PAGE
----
Mark Cuban

What Warriors can learn from Mark Cuban's Luka Doncic NBA draft advice

What Warriors can learn from Mark Cuban's Luka Doncic NBA draft advice

The Warriors (12-43) have the worst record in the NBA, and most likely will end up with a top-five pick in the 2020 NBA Draft. It's possible they land the No. 1 overall selection.

At this point, nobody has any clue what Golden State is going to do. Will the Dubs trade the pick? Will they go with "best player available" or draft for positional need? 

The picture won't become clearer until at least May 19 when the NBA Draft Lottery is held, and we know exactly where the Warriors will be picking.

Certain mock drafts have Golden State taking big man James Wiseman because of the franchise's need to add a center. It sounds like Dallas Mavericks owner Mark Cuban believes that would be a mistake.

NBC Sports NBA Insider Tom Haberstroh had Cuban as a guest on the latest episode of "The Habershow" podcast, and Cuban provided the following answer when asked why Luka Doncic fell to No. 3 overall in the 2018 NBA Draft:

"Every team has to make their own choice. Also, context matters. Why was Sam Bowie drafted No. 1? Because Portland had Clyde Drexler. Luka will be the last year where there was a bias towards bigs.

"Historically, if there was a Shaquille O'Neal, a transcendental big, you always have to take him. But I think what we've learned watching the all-time greats -- in the conversation of Jordan, LeBron, Kobe -- they all had the ability to bring the ball up and are not dependent on somebody else to get them the ball.

"And in a wide open game the way it is now, that's even more important. Luka prototypes are going to be the 1s going forward. And the bigs are gonna be the running backs of the NFL."

Unfortunately for the Warriors, nobody thinks there is a "Luka prototype" in this year's crop of players. Most evaluators agree that the talent pool is weaker compared to prior years.

[RELATED: Why Dubs-LaMelo draft pairing could be mutually beneficial]

But Cuban definitely is correct in that wings and guards have greater value in today's NBA. Big men, while still important, are considered more interchangeable. Yet still, his perspective doesn't automatically translate to every draft, as context matters.

No matter what the Warriors end up doing in the upcoming draft, we probably aren't going to know for a year or two (or even longer) whether it was the "right" move or not.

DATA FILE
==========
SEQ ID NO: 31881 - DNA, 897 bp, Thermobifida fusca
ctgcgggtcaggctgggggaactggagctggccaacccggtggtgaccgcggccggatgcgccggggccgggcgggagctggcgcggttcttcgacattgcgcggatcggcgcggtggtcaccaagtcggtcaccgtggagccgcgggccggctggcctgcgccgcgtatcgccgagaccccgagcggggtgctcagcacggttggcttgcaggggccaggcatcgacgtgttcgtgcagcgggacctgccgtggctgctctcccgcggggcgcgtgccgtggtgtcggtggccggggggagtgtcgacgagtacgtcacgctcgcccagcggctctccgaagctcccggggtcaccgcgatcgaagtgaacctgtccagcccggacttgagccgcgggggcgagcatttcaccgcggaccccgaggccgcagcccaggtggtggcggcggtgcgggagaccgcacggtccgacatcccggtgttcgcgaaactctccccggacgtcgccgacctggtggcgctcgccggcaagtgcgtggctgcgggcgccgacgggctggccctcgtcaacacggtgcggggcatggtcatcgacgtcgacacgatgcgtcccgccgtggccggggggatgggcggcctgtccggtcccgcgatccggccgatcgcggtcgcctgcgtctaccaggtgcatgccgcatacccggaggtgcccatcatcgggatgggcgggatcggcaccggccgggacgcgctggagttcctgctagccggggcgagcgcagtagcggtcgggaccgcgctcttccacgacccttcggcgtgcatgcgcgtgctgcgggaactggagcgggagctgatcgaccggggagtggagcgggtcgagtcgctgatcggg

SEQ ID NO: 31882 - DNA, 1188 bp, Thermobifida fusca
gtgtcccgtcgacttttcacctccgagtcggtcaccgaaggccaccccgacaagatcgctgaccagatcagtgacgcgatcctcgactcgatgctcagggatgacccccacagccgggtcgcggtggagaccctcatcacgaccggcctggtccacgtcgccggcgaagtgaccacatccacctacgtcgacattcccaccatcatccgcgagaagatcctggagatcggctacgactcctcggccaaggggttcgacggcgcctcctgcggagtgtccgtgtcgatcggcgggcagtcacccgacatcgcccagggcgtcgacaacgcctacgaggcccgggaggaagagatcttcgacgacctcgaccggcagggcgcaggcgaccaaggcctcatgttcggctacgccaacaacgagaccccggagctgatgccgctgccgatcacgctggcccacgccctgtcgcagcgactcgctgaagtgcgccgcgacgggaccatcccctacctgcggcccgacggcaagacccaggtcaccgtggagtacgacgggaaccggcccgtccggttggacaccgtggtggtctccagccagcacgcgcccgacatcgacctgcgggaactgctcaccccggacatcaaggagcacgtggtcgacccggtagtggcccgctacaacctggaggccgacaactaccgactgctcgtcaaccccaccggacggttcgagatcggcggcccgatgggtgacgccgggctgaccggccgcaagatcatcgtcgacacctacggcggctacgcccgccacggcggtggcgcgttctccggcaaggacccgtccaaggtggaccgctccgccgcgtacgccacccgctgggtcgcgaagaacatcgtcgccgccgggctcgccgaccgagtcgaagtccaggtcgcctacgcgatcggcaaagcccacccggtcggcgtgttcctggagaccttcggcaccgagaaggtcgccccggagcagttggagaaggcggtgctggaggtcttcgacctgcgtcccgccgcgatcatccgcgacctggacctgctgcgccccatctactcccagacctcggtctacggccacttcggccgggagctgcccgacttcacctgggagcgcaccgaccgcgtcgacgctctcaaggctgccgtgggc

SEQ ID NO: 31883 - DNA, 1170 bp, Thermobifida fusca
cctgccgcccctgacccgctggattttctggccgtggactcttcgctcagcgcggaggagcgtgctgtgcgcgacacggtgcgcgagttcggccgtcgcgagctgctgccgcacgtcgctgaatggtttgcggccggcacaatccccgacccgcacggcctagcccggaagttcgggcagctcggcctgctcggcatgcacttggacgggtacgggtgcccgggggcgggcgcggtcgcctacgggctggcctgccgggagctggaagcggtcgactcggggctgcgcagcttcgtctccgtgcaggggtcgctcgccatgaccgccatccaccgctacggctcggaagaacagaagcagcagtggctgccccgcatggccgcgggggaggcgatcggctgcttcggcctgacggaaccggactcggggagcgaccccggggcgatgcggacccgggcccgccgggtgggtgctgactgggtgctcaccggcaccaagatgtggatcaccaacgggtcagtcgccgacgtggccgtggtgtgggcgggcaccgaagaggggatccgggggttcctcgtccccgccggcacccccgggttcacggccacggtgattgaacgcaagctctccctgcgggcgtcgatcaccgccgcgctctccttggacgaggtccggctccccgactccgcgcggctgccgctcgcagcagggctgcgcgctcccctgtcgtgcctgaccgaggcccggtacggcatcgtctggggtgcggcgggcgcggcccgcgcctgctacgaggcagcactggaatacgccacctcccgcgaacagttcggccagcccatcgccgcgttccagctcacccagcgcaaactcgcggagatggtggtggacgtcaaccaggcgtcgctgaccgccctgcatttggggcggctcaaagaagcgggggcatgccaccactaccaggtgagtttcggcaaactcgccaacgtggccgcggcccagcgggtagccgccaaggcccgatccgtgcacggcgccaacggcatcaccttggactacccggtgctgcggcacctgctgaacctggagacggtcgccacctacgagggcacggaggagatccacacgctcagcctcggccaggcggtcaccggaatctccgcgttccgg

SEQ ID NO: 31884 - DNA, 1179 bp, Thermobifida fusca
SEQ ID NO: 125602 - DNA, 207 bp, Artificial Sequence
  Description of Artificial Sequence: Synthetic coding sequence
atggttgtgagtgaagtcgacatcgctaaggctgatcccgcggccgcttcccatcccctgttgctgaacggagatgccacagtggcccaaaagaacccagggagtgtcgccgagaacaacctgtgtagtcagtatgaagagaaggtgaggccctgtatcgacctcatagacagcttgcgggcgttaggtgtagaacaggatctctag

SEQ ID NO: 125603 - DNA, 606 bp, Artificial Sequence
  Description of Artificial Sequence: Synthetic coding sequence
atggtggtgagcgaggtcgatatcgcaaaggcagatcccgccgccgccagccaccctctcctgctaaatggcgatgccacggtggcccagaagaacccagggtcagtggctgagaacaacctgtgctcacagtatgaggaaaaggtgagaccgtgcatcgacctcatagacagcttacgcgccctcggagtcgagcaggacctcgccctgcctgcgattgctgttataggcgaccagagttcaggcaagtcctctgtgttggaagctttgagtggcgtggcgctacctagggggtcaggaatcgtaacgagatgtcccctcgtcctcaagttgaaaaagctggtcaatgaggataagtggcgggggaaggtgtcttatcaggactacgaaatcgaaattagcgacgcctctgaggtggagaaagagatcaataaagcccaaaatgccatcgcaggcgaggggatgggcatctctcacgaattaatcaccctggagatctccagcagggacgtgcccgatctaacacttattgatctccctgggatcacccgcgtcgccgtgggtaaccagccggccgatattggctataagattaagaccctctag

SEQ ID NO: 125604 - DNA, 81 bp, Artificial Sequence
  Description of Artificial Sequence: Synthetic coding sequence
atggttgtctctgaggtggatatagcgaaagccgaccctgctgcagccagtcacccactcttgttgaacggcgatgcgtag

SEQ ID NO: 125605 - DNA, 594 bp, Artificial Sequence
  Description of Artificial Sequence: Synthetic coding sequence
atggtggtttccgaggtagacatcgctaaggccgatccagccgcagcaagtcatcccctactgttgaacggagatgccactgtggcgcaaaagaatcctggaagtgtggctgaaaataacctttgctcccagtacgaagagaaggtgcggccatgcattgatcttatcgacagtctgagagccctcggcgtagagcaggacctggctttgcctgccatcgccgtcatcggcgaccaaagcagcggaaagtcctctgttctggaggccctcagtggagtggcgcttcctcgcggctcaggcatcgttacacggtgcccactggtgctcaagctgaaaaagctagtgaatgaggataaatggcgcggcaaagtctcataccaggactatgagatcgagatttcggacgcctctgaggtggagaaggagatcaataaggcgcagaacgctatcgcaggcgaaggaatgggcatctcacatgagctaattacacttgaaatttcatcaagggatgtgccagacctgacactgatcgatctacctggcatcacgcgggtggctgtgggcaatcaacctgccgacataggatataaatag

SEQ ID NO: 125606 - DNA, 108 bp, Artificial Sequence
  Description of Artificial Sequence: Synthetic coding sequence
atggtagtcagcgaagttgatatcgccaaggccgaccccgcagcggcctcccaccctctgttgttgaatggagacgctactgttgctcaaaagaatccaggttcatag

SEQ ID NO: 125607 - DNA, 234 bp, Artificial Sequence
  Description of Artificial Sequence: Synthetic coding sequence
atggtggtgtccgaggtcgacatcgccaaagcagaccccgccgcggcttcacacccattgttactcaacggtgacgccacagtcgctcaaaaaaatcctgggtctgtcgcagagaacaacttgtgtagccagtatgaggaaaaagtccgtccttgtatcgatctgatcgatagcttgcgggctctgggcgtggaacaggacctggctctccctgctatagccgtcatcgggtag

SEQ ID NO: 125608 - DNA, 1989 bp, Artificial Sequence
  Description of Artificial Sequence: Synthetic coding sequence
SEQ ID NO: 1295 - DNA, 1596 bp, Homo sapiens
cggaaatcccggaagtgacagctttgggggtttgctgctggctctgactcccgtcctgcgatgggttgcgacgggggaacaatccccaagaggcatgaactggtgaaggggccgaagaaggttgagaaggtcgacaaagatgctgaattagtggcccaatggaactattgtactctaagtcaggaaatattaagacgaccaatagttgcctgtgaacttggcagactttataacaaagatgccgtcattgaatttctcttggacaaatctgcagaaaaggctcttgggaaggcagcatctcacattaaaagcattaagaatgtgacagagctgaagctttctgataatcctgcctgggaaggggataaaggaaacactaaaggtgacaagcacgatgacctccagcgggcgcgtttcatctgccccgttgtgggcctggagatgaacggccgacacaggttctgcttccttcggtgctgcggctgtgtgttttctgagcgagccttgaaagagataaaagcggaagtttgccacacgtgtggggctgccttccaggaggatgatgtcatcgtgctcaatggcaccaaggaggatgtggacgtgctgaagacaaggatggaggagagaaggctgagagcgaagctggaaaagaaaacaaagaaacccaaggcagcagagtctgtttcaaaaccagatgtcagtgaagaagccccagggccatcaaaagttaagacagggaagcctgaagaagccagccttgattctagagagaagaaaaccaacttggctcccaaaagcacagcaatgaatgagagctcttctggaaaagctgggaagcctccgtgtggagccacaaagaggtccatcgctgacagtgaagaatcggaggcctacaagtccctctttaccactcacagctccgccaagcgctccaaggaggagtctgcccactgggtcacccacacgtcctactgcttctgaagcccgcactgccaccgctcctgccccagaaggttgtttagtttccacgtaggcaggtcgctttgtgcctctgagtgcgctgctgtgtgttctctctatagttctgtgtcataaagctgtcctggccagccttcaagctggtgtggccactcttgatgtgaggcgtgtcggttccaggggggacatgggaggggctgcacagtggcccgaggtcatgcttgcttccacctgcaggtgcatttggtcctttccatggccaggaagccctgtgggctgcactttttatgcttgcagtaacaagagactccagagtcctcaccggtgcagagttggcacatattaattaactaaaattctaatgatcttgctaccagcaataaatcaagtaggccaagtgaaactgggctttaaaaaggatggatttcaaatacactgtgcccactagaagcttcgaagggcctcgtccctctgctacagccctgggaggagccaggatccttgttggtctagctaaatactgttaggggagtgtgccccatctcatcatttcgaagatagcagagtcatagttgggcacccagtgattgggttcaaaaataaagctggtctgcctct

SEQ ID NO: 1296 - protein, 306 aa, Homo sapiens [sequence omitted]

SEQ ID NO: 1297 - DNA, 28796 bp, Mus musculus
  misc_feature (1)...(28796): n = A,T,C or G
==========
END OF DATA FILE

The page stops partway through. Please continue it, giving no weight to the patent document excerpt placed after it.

Fans simply have to trust the front office's decision-making and vision.

Follow @DrewShiller on Twitter and Instagram

Mavs' Mark Cuban says Willie Cauley-Stein trade a 'steal-and-a-half'

Mavs' Mark Cuban says Willie Cauley-Stein trade a 'steal-and-a-half'

Dallas Mavericks forward Dwight Powell tore his right Achilles tendon Jan. 21.

Three days later, the Mavs acquired Willie Cauley-Stein from the Warriors in exchange for a 2020 second-round draft pick.

That selection is expected to land in the mid 50s because it's the Utah Jazz's pick, and they currently boast the fifth-best record in the NBA.

According to Mavs owner Mark Cuban, it was a great deal for his franchise.

From the Warriors' perspective -- they didn't possess a 2020 second-round pick (coincidentally enough, the Mavs have it from the Andrew Bogut trade in July 2016) but now do.

They also were able to create a guaranteed open roster spot for next season because Cauley-Stein has a 2020-21 player option that he could have exercised.

In addition:

[RELATED: Kerr reveals one specific memory of Kobe that stands out]

Cauley-Stein made his Mavs debut Tuesday night -- recording four points, three rebounds, two steals and one assist in a little over 12 minutes off the bench.

In the end, the trade just might work out very well for both sides.

Follow @DrewShiller on Twitter and Instagram

Mark Cuban can't wait for Warriors-Rockets Game 1 Last Two-Minute Report

Mark Cuban can't wait for Warriors-Rockets Game 1 Last Two-Minute Report

From an officiating standpoint, Game 1 of the NBA playoff second-round series between the Warriors and Rockets was a mess.

Forty-five personal fouls were called. Countless times, fouls weren't called. It led to four technical fouls and a Chris Paul ejection from the Warriors' 104-100 win.

A lot of people, including Dallas Mavericks owner Mark Cuban, will be interested to see what the NBA says when the controversial Last Two-Minute Report comes out Monday.

In the final seconds of the game, Paul believed Draymond Green had fouled James Harden on a potential game-tying 3-point attempt. No foul was called, though, and the Rockets ultimately turned over the ball. Paul argued with the ref on the sideline and was immediately assessed his second technical, resulting in his ejection.

After the game, Harden was in a terrible mood and had a simple message for the refs.

"I just want a fair chance," Harden told reporters in Oakland. "We all know what happened a couple years back with Kawhi [Leonard]. Call the game the way it's supposed to be called, and we'll live with the results."

Harden was referring to the 2017 Warriors-Spurs playoff series when Leonard landed on then-Dubs center Zaza Pachulia's feet and sprained his ankle. The NBA later added a rule stating that defenders have to give shooters a place to land.

[RELATED: Curry hits dagger 3-pointer vs. Rockets]

Harden and Paul believe the refs missed several of those calls in Game 1.

We'll find out Monday if they were right.